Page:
That performance is actually part of my wider body of work ‘Nude Me/ Under the Skin’ which investigates hosiery. My interest is in where the history of hosiery (from its first iterations as stockings to present) intersects with the black woman. It uncovers intersections across Empire and Slavery, 1920s-60s advertising, the Black National Health Service (NHS) nurses in the UK and the ballet industry to name a few. It illustrates how even in this simple garment societal constructs transform it to become another mode of marginalisation, ostracisation, and female castration for the black woman. Further, it uncovers the effects of such a history on the black woman – the generational trauma manifesting in our bodies. For me, the performances became a vehicle to address this trauma and our collective history as a means to bring black women and wider society to a place of healing.
With the physical artworks, I employ the tights directly as the main material. Their capabilities are manipulated and expanded to create new, peculiar objects. I repurpose them into single forms, yarn and canvas, then experiment further by knitting, plaiting, embroidering, burning, trapping, printing (etching) and painting with and on them. There are no limits to what you can do with tights, which is why I love working with it as a material. As my work progresses I am continuing to experiment and stretch the parameters of this material. I am also working more and more with used tights and recycled/ used material in general as I also explore the issues around sustainability that the manufacture and consumption of hosiery produces.
Now confident and assured in my own shade of nude, I boldly break through the mirror, emerging to rightly take up my space. It is an emotional farewell to an object that helped black women survive, its worn used material bears the weight of our scars and pain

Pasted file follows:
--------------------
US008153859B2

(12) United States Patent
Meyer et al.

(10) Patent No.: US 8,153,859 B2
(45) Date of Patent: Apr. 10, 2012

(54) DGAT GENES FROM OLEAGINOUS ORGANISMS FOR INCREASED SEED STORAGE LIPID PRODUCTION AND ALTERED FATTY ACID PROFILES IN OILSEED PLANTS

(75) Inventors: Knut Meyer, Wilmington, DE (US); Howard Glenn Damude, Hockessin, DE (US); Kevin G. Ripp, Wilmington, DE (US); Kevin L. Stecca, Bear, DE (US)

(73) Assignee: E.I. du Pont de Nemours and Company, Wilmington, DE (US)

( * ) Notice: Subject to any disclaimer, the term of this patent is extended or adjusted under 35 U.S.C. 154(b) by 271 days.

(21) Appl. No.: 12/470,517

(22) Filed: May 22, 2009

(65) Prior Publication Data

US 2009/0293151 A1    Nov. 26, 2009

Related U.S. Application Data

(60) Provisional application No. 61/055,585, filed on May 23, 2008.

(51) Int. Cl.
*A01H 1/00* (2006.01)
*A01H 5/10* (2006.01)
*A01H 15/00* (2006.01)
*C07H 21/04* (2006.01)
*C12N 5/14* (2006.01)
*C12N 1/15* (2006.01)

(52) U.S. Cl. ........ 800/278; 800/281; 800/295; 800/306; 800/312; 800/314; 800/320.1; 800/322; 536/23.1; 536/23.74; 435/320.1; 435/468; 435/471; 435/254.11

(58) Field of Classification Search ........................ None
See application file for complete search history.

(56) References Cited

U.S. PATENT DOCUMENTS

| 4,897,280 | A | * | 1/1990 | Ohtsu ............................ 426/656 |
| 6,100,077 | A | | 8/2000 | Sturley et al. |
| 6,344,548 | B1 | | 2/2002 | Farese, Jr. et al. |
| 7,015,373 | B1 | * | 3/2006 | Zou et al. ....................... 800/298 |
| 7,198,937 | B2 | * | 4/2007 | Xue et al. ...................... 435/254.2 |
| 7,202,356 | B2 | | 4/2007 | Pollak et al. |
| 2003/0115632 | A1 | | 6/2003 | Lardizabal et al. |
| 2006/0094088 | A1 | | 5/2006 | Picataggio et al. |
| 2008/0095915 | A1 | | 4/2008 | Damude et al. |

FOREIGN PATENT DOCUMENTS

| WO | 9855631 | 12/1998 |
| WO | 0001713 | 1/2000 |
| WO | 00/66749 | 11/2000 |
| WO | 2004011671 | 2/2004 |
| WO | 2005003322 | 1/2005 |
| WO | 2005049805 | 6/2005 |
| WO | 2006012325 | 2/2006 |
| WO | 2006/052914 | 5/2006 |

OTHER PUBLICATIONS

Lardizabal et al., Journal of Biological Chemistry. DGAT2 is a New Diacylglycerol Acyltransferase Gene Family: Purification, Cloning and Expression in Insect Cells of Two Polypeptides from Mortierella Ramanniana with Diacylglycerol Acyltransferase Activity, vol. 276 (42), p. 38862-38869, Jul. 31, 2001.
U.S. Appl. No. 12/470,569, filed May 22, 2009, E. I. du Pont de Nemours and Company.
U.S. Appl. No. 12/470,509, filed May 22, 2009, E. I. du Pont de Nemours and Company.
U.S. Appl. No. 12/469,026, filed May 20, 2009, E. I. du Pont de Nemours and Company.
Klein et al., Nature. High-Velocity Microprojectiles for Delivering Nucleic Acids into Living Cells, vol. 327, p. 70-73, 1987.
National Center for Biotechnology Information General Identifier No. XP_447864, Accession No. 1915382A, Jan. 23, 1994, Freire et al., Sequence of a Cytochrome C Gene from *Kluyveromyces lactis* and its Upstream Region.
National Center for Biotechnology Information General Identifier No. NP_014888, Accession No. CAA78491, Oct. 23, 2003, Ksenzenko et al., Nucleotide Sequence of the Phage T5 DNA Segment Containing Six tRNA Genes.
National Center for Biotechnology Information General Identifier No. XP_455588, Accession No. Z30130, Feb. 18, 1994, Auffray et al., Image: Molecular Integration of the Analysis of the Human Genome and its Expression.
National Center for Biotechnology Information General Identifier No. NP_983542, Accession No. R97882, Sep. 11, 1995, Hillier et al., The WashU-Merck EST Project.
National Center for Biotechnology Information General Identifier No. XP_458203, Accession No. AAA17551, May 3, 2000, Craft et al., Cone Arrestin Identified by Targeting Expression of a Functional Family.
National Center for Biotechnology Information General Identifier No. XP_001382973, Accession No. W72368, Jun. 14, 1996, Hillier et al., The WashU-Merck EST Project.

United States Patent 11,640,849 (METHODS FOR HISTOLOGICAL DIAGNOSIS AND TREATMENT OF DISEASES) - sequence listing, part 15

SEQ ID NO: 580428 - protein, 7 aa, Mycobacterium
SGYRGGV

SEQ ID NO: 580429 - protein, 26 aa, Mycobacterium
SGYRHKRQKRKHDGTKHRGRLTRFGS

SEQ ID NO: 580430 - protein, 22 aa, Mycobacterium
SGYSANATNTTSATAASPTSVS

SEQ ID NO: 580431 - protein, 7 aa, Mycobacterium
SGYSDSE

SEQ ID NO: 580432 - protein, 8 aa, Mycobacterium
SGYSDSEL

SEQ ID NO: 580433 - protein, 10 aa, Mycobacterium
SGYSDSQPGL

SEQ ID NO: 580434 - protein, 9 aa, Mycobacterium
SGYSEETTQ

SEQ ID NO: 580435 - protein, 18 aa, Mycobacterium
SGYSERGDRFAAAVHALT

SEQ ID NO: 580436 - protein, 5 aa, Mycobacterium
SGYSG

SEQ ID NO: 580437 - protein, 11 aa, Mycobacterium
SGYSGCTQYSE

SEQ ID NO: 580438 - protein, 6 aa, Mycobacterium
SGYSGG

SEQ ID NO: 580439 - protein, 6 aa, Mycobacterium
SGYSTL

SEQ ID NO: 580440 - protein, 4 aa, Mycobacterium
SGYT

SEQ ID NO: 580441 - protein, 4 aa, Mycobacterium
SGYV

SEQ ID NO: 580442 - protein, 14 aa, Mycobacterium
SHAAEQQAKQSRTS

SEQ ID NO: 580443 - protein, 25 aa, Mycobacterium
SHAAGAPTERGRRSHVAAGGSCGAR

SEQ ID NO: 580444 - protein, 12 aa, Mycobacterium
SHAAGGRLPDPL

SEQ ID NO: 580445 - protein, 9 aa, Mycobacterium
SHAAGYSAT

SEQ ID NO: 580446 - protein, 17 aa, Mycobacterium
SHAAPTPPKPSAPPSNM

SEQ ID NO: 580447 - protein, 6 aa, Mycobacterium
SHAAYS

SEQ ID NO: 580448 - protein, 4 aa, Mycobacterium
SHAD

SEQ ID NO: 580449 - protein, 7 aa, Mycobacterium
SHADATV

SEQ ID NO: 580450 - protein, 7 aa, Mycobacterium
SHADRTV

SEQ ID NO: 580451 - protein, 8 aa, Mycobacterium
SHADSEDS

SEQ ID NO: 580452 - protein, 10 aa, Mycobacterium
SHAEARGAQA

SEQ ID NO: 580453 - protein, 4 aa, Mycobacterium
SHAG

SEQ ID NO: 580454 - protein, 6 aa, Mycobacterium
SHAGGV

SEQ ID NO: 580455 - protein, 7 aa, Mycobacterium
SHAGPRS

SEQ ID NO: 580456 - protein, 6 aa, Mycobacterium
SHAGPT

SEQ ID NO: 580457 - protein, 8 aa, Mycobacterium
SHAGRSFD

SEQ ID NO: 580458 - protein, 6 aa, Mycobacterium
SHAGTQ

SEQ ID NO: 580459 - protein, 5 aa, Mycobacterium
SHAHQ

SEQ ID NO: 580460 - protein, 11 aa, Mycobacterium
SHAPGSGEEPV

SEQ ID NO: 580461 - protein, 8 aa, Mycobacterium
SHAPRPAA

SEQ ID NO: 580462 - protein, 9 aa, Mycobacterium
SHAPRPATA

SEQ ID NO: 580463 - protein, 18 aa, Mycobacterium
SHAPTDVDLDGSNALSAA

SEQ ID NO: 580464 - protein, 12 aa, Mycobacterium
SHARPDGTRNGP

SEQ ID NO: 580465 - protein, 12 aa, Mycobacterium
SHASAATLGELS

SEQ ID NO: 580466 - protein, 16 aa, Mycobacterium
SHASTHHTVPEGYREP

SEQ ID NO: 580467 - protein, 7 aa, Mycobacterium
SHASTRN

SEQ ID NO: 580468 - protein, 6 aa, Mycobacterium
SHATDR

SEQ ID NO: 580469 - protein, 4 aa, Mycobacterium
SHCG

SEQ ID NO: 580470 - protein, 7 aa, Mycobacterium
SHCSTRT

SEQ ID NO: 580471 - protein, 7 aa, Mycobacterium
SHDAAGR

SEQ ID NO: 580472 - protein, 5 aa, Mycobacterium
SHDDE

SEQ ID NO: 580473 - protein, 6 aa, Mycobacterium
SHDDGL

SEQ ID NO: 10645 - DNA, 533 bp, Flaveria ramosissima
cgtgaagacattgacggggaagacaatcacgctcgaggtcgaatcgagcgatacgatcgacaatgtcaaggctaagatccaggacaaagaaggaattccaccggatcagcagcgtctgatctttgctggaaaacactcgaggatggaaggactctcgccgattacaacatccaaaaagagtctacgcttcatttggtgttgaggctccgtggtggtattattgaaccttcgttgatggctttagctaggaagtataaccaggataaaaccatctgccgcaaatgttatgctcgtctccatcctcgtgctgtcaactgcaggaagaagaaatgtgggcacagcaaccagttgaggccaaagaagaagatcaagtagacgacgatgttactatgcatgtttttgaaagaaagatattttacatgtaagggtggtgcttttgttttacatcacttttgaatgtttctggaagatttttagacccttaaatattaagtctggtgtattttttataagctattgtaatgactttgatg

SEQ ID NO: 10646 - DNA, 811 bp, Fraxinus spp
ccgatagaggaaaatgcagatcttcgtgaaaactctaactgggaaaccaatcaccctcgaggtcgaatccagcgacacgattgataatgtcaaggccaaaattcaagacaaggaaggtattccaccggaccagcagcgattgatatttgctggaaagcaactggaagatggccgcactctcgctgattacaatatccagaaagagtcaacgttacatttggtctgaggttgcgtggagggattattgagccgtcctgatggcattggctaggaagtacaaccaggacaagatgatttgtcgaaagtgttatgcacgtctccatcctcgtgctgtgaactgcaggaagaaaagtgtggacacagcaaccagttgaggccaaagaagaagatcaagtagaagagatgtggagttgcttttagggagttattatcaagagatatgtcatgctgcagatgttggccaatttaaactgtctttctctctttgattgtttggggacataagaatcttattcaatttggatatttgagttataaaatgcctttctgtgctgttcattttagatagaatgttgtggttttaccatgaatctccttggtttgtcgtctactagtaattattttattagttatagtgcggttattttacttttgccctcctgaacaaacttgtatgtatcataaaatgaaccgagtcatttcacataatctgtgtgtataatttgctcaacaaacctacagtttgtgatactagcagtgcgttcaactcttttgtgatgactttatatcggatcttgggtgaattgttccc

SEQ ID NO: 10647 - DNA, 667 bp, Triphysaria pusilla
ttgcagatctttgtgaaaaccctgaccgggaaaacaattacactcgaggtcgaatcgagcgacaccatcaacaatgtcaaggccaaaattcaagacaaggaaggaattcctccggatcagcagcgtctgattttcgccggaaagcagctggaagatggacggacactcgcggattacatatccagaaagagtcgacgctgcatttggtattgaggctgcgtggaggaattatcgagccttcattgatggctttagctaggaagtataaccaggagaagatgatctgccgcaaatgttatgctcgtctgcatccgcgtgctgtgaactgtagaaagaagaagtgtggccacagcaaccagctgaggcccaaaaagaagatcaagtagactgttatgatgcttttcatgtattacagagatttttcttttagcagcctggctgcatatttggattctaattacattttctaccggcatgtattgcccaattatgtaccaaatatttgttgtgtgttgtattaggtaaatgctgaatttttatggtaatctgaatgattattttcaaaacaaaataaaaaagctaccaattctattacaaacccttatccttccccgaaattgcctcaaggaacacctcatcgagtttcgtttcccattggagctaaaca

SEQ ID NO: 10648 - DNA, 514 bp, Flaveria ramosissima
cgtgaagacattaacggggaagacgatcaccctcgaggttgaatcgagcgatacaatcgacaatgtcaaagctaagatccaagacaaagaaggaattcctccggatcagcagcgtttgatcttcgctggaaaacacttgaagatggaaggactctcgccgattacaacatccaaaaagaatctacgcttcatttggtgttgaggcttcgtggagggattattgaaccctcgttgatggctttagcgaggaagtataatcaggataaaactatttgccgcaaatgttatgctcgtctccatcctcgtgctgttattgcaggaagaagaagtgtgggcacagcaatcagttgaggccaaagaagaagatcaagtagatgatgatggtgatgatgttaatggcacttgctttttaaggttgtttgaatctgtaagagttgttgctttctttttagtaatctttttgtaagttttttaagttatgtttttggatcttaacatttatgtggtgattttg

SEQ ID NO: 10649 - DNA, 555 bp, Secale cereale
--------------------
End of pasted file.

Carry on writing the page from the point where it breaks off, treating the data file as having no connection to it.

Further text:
Going back to the Christie’s performance, this served as an enactment of a rite of passing. As the title of the artwork I created ‘In the Wake of Barely Black’ suggests, it was a laying to rest of the discrimination, subjugation, and invisibility black women face on a daily basis. No longer needing to find resourceful ways of coping such as wearing black tights where no nudes once existed, the tights are laid to rest on the mirror frame. The mirror frame represents the place where the black woman feels most constricted, for the reflection much like the fairy tale never lied. No matter how often we look in the mirror our skin remains our shades of brown and hair our varied forms of Afro. We cannot morph into what the West deems acceptable, ‘the feminine ideal’ – white skin, blond hair, blue eyes, the ideal in fact that surrounds me as a backdrop in the many portraits within the gallery space, framing me as I perform. By winding the tights around the mirror frame I unbind black women from the many forces that once constricted us into a form not our own. Now confident and assured in my own shade of nude, I boldly break through the mirror, emerging to rightly take up my space. It is an emotional farewell to an object that helped black women survive, its worn used material bears the weight of our scars and pain. It was our shield and now we can lay that self to rest.
Enam Gbewonyo in performance © Umut Gunduz
(VC) What makes Enam create the work she does. Are you in any form spiritual or psychological driven like many artists for muses?
(Enam) I guess it’s a combination of many things but at the centre is my own life experience and yes spirituality also plays a key role in my work. For one, I believe the craft of the handmade is a very spiritual process. In itself, it is a meditative act. Further, the kinetic energy formed by the maker in creating something stays with it and becomes part of that thing. I believe it is that which speaks to the audience and those that truly connect to it experience a transference of this energy to them. For instance, another reason why I use used tights in my work, especially those of black women is because in that way it tells their story. These are garments that lay on their skin as they experienced daily life and absorbed the vibrations and energy of their emotions. Therefore by using these tights in my work their stories live on and are now given a voice.